The Third Amendment, Privacy and Mass Surveillance
10 Pages Posted: 27 Nov 2013 Last revised: 18 May 2014
Date Written: November 21, 2013
We live in an era of mass surveillance. Advertisers, corporations and the government engage in widespread data collection and analysis, using such avenues as cell phone location information, the Internet, camera observations, and drones. As technology and analytics advance, mass surveillance opportunities continue to grow.
The growing surveillance society is not necessarily harmful or unconstitutional. The United States must track people and gather data to defend against enemies and malevolent actors. Defenses range from stopping attempts to breach government computers and software programs, to identifying and thwarting potential terroristic conduct and threats at an embryonic stage.
Yet, without lines drawn to limit mass data gathering, especially in secret, unchecked government snooping likely will continue to expand. A sitting Secretary of State even recently acknowledged that the government has “sometimes reached too far” with its surveillance. The stakes for drawing lines demarcating privacy rights and the government’s security efforts have never been higher or more uncertain.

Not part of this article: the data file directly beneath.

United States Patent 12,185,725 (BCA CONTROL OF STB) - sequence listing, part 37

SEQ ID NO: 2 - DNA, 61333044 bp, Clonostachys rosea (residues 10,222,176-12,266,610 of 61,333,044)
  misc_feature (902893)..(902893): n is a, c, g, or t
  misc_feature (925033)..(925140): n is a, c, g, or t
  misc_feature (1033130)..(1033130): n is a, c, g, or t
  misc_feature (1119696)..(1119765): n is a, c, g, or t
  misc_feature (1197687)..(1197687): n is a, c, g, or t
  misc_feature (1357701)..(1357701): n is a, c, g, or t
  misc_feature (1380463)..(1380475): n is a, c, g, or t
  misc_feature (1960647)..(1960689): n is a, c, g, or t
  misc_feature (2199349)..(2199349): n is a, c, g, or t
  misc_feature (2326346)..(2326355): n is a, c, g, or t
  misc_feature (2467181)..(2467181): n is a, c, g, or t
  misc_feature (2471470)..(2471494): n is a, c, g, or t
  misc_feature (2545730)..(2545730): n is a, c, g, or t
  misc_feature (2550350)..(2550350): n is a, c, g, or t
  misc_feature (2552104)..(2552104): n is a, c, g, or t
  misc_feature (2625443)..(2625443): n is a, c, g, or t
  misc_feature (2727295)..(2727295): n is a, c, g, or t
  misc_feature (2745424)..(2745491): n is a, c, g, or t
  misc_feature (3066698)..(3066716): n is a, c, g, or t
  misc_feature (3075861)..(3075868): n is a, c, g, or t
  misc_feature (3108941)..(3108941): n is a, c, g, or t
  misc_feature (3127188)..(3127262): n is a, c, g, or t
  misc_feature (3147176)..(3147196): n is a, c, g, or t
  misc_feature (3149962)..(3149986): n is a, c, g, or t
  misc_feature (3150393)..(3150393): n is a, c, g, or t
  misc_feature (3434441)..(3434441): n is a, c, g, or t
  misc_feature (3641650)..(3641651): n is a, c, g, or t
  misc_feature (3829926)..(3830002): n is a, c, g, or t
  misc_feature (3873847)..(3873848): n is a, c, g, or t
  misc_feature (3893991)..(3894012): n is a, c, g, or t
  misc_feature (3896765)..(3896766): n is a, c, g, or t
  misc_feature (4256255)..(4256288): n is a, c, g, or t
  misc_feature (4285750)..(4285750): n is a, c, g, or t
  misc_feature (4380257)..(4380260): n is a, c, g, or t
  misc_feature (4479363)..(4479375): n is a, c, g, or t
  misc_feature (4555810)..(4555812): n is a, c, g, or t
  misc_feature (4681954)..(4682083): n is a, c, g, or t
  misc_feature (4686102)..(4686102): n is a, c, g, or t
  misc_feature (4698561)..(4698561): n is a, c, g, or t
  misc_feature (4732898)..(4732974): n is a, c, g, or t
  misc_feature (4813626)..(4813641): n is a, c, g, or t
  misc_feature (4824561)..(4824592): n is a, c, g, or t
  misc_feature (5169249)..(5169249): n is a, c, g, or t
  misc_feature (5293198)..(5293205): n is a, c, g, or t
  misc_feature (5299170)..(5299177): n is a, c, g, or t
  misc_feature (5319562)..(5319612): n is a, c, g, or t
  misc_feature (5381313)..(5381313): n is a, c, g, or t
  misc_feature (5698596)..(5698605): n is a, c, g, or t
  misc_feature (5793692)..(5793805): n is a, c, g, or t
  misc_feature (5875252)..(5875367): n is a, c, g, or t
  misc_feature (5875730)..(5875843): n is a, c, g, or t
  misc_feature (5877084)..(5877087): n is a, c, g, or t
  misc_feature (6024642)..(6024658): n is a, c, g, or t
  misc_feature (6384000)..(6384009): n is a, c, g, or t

This paper argues that the forgotten Third Amendment, long in desuetude, should be considered to harmonize and intersect with the Fourth Amendment to potentially limit at least some mass government surveillance. While the Fourth Amendment has been the sole source of search and seizure limitations, the Third Amendment should be added to the privacy calculus because it provides a clear allocation of power between military and civil authorities and creates a realm of privacy governed by civil law.
Consequently, in today’s digital world it would be improper to read the words of the Third Amendment literally, merely as surplusage. Instead, the Amendment’s check on government tyranny should be viewed as restricting cybersoldiers from focusing surveillance instrumentalities on and around private residences or businesses in an intrusive way – or using proxies to do so -- that would serve as the functional equivalent of military quartering in the civil community.
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By Melanie Reid